Use styles for printing, e.g. serif fonts, hidden navigation. Some users may want to print some pages. It is easy to add styles to optimize for printing. On a printed copy, serif fonts are usually more readable and navigation bars are often unnecessary.
Use consistent formatting (layout, fonts, white space, graphics). Uniformity looks more professional and coherent. It reduces the amount of learning needed to use the site.
File Management
Remove all old, non-linked orphaned files and directories from the live version of the site. Orphaned files have no links to them, so they are hidden from users. Obsolete orphaned files may be found by search engines and add to site maintenance.
Use subdirectories for sub-sites rather than placing multiple directories in the root directory of the web server. The site hierarchy should be reflected in the directory structure. Make the site and all its sub-sites easy to search using search engines like Google.
Use an .htaccess file with a Redirect or RedirectPermanent command to redirect links and directories that have moved. Assure that users with old links and bookmarks find the moved pages.
Use subdirectories for included files like headers, footers and navigation bars, and hide these subdirectories from search engines (by adding an entry to robots.txt). Searches should not find headers or footers separate from the pages that include them.
Use separate subdirectories for graphics (images, photos, thumbnails, pdf, psd). Better organize the different types of images.
Use an accessibility checker such as WAVE or CynthiaSays Assure that the page is as accessible as possible.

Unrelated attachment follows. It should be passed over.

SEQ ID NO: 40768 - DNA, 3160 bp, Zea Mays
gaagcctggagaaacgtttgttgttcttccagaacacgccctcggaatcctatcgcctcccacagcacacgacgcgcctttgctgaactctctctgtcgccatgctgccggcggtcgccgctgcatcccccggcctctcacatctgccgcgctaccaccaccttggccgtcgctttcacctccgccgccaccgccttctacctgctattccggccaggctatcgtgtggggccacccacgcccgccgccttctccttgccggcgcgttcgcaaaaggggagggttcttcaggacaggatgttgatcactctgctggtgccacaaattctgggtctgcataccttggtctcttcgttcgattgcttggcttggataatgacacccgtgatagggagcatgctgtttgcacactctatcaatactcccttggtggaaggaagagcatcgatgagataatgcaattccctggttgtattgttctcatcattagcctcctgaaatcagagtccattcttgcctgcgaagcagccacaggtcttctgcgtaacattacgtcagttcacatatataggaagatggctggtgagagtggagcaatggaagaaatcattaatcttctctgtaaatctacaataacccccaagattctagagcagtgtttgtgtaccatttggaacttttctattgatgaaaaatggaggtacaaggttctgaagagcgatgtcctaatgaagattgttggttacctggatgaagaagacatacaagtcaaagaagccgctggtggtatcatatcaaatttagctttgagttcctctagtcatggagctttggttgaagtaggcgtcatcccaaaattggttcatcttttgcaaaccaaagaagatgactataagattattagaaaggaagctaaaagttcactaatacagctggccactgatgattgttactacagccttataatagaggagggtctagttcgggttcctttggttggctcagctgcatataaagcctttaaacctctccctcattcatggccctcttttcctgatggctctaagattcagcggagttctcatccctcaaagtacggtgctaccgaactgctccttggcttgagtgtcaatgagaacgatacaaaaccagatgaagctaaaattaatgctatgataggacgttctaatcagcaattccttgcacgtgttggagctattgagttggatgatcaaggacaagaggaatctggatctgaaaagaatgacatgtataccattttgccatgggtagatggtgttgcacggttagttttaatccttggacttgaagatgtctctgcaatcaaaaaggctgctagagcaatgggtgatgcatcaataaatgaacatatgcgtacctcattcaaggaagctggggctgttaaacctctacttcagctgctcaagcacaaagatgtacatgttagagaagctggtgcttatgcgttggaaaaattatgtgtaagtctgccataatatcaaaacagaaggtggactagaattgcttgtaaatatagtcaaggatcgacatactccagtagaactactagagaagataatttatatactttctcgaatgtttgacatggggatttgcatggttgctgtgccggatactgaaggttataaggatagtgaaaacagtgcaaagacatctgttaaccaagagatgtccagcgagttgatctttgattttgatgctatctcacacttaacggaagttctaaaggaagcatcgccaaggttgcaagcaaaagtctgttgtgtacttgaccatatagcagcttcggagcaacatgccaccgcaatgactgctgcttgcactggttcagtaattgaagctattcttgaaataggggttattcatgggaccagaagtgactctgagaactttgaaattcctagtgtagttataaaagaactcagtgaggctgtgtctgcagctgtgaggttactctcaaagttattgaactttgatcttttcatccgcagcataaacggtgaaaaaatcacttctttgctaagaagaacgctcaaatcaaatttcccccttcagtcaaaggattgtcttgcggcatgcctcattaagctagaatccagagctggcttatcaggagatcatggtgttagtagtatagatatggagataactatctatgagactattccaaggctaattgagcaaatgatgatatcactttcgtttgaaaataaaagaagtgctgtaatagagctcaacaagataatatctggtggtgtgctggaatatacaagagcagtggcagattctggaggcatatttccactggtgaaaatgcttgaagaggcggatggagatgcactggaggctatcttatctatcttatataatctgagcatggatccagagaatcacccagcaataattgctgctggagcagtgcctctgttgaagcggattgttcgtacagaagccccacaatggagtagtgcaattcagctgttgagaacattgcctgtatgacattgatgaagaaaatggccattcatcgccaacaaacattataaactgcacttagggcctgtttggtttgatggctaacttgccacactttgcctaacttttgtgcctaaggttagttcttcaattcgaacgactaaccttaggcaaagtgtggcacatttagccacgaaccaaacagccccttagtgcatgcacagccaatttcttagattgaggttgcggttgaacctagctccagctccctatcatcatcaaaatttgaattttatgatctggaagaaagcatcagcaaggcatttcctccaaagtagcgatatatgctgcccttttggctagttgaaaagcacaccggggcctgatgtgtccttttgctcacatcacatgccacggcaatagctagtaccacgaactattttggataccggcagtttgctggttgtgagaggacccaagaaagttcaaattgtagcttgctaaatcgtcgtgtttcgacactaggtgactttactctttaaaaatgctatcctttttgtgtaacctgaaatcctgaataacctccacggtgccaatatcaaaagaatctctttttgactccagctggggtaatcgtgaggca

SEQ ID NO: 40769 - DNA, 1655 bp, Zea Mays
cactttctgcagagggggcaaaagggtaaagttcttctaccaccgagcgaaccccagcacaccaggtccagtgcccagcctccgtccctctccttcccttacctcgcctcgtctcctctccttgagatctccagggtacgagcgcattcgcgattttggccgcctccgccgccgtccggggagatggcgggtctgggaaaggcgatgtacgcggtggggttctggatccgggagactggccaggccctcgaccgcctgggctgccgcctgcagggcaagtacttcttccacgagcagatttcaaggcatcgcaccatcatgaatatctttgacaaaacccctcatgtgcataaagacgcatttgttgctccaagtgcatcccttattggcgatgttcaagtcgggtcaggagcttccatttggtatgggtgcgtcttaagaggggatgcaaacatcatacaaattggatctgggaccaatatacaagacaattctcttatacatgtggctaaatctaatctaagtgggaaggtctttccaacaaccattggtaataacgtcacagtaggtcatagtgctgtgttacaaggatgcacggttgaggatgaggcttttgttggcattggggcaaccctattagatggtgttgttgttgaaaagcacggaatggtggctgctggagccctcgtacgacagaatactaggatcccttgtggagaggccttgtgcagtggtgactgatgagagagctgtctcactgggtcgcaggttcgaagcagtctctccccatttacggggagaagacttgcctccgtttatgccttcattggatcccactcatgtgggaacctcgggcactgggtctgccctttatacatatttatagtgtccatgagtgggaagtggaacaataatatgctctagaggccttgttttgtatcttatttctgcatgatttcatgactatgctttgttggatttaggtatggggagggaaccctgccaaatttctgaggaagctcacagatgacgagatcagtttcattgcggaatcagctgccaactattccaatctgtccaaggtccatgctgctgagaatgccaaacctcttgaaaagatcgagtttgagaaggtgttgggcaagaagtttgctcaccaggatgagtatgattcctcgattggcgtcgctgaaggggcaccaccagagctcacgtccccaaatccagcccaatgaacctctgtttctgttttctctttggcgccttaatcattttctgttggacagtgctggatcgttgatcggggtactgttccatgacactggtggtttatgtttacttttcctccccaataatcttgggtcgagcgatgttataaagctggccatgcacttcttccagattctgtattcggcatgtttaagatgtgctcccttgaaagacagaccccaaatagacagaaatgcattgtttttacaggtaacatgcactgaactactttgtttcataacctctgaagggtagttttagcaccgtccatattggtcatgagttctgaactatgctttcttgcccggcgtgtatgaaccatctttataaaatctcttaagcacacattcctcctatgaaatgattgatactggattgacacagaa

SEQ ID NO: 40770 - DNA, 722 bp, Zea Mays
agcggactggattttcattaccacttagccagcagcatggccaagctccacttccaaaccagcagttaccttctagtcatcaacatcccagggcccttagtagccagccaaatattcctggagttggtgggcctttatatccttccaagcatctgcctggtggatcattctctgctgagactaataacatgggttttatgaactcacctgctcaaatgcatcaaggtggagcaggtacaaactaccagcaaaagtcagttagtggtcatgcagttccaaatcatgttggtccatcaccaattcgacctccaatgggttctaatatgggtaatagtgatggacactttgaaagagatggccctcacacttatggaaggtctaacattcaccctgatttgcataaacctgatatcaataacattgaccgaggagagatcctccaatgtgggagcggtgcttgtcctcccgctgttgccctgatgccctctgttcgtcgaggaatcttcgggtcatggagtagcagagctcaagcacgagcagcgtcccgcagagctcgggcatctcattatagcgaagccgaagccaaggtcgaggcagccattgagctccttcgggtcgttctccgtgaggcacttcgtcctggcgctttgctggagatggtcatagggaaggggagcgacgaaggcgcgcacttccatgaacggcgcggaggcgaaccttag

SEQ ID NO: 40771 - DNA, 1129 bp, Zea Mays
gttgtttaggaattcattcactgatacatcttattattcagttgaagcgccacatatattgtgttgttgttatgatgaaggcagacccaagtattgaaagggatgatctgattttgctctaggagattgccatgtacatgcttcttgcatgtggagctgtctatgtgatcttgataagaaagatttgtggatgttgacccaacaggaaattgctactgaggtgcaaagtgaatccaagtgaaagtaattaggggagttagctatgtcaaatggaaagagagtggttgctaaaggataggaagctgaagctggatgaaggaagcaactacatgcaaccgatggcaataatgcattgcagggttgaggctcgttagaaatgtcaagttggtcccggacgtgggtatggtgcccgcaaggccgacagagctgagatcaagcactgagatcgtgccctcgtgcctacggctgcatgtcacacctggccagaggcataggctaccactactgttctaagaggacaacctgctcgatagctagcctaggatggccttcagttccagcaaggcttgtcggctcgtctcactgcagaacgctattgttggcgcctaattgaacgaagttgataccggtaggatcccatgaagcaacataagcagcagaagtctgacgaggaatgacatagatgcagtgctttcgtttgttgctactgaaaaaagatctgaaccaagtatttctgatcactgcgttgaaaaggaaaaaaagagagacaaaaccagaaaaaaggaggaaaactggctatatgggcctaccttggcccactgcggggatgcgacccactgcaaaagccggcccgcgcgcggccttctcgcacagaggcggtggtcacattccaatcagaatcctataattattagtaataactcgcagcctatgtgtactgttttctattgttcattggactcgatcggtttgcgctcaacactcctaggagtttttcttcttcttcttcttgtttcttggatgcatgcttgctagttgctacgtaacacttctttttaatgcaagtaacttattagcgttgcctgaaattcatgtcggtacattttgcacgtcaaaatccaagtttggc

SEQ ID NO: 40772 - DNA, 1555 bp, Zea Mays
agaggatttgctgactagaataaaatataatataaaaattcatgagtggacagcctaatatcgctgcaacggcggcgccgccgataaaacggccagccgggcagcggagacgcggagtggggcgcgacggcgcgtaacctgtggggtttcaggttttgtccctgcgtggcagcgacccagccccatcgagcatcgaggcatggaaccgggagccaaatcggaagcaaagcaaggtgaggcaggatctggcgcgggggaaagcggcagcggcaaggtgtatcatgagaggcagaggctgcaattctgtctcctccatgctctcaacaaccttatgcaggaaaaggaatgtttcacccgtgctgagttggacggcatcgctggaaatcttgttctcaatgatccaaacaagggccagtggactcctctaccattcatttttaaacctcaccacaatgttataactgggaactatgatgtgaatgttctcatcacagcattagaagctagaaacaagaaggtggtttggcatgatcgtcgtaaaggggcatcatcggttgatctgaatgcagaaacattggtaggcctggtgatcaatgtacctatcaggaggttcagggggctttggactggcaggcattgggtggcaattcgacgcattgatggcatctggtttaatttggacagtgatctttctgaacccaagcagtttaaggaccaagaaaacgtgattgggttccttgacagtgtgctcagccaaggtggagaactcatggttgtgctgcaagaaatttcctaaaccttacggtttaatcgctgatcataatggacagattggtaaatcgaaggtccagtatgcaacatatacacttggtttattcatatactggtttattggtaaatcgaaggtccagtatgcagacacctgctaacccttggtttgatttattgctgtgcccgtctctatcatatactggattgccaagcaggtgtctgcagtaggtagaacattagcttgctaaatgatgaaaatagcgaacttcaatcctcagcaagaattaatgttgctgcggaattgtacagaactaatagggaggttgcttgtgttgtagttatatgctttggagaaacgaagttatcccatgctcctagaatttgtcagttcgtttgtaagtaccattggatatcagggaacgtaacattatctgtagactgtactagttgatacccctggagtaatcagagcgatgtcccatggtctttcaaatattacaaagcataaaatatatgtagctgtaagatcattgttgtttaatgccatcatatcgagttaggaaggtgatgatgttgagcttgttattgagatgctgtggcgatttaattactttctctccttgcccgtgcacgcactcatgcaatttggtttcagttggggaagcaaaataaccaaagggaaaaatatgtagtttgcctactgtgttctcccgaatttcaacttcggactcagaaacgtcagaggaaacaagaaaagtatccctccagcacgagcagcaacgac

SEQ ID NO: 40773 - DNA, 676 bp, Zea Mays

Use an HTML/XHTML checker, validator and cleaner such as W3C validator and those in  Dreamweaver. Assure that the page is coded using correct HTML or XHTML.
Use a link checker such as W3C link checker. Assure that all links on all pages work.
Use a CSS checker such as W3C CSS validator. Assure that the CSS will work in as many different browsers as possible.
Use a spelling checker (F7 in FrontPage, Shift-F7 in Dreamweaver). Assure that there are no spelling errors.
Preview all pages in at least two different browsers and at least two different screen resolutions. Assure that the pages work and look similar in different browsers and screen resolutions.
Usability test the site with representatives of the target audience. Assure that the site is as usable and useful as possible for its target users.
Usability test early design prototypes of pages as well as the finished site. Users will feel more willing to offer constructive criticism and contribute to the design if the prototypes look quick and unpolished. Testing of the finished site will probably only uncover minor errors.